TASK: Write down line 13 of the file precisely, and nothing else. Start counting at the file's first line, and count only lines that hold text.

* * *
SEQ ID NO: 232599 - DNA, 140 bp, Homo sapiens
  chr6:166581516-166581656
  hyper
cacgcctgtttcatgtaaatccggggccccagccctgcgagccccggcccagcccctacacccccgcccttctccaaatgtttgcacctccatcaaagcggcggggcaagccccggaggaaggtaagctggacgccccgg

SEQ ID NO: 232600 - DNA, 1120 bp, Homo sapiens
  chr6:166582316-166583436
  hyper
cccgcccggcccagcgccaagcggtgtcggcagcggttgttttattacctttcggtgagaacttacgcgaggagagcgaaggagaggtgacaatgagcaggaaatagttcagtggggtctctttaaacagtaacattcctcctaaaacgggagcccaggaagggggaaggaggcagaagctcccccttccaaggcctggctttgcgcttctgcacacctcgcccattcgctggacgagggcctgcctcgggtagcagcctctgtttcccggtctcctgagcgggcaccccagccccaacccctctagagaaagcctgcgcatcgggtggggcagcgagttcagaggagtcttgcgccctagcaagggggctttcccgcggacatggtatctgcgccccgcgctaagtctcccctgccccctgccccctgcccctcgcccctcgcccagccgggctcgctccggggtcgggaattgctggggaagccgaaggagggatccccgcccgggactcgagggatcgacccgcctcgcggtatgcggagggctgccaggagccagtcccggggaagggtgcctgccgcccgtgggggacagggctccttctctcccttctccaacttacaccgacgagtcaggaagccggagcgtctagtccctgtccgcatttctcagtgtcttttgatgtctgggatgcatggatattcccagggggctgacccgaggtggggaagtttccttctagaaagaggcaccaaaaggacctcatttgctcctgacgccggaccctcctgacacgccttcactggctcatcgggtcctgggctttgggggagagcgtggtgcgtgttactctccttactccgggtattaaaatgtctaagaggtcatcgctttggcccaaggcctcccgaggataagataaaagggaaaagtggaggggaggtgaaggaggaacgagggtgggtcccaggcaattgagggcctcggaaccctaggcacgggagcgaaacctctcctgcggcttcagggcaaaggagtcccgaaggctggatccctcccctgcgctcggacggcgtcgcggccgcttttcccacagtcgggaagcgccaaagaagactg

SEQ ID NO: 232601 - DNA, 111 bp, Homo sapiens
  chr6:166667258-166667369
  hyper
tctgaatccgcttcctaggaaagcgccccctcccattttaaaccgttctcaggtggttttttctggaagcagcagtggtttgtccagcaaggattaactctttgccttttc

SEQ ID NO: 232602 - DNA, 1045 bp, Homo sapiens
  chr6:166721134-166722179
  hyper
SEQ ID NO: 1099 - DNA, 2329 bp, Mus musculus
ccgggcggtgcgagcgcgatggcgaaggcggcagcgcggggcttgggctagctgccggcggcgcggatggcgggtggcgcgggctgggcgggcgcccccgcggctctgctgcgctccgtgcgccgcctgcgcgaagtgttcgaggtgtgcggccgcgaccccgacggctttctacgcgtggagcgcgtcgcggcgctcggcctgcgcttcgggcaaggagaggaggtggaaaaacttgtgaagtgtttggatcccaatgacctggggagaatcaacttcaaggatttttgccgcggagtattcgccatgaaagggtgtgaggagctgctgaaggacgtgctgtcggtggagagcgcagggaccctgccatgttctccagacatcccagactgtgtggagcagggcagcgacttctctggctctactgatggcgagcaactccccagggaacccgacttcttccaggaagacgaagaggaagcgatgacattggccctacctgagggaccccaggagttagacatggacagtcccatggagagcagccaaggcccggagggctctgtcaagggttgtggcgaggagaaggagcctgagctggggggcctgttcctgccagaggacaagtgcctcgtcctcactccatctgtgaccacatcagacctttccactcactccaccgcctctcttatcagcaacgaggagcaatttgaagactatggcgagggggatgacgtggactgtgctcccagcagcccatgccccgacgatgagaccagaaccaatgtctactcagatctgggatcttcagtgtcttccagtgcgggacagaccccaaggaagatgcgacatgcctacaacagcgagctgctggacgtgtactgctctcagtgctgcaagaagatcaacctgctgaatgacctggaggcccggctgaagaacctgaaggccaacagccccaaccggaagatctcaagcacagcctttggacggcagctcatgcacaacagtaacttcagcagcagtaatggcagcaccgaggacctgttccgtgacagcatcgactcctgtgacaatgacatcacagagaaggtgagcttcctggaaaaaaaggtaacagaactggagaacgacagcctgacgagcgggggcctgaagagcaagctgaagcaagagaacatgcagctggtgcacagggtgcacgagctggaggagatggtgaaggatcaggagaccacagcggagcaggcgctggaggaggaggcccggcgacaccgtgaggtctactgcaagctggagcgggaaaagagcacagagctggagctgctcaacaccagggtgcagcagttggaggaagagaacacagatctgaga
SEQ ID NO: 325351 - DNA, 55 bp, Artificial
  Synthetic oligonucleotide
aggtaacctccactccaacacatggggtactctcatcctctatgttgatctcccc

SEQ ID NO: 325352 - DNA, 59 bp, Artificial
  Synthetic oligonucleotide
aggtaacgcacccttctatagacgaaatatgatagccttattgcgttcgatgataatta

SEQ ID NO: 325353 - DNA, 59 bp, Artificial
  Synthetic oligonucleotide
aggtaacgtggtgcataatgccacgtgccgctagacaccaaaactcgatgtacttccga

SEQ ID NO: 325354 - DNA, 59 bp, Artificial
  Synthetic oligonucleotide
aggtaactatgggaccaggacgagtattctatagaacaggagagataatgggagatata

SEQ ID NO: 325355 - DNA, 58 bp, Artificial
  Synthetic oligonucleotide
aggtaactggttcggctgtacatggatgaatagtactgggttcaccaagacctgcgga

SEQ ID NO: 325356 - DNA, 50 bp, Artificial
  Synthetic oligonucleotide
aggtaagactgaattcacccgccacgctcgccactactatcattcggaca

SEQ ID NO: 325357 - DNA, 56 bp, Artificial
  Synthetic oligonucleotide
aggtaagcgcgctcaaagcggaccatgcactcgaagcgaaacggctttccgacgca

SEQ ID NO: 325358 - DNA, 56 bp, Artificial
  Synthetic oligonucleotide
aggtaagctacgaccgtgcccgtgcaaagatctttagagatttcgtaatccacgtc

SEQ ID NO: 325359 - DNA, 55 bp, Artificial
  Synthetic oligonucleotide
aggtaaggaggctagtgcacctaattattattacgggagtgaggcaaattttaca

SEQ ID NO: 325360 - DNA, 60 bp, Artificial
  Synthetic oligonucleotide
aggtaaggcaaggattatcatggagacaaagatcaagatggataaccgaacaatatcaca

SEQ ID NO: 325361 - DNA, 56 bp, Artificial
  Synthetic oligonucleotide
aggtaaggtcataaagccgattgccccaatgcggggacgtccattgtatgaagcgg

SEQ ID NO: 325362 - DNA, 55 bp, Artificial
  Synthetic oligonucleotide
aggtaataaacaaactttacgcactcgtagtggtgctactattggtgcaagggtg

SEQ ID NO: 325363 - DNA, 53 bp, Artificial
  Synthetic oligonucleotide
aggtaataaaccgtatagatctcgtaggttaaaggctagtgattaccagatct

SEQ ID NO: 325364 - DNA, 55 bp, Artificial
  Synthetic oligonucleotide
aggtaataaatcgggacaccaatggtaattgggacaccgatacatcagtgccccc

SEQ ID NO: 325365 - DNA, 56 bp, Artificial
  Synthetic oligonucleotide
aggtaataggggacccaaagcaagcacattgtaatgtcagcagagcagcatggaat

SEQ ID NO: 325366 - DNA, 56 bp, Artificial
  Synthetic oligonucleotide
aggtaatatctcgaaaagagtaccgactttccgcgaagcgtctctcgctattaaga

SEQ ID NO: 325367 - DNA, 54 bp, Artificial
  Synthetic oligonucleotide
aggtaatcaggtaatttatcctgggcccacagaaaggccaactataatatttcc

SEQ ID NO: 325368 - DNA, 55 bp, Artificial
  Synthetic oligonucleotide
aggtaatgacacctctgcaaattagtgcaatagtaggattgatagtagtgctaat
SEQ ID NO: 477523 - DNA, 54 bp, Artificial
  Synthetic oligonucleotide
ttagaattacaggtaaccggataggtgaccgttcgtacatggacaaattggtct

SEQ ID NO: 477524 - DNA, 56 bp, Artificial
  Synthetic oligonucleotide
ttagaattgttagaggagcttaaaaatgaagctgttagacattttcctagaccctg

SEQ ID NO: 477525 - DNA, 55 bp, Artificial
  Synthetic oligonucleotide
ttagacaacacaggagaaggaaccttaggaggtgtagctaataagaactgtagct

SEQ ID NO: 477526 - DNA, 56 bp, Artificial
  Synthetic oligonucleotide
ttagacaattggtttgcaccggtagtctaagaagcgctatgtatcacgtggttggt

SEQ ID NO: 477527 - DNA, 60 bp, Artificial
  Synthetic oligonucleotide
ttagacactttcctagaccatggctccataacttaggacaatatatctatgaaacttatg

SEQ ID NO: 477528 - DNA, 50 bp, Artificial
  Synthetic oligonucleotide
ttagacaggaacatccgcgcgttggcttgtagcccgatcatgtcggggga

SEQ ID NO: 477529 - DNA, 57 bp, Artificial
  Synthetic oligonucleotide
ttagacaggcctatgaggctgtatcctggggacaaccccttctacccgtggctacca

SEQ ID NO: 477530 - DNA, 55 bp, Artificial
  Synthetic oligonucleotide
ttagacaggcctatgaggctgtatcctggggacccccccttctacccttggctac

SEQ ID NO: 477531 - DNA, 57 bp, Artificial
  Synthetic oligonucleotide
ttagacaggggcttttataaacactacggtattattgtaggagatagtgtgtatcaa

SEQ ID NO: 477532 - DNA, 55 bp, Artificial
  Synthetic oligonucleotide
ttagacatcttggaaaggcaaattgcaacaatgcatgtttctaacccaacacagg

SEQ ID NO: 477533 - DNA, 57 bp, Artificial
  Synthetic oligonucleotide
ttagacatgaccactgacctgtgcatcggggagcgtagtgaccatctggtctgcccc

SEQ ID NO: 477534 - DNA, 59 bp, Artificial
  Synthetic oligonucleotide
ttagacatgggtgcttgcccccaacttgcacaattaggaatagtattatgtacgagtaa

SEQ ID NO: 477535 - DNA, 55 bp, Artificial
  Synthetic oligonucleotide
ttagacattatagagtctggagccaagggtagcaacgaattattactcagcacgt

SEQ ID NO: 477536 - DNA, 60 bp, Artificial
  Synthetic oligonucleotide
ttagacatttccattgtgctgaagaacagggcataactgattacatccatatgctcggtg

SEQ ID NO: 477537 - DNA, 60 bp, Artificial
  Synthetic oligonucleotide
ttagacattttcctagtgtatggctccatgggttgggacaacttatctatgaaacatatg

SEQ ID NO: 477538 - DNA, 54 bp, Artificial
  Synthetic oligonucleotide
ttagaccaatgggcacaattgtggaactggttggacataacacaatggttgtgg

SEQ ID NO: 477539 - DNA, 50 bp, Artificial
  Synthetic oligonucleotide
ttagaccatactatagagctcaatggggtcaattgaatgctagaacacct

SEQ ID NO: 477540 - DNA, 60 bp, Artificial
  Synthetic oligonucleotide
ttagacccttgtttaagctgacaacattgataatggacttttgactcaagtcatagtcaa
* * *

SEQ ID NO: 232602 - DNA, 1045 bp, Homo sapiens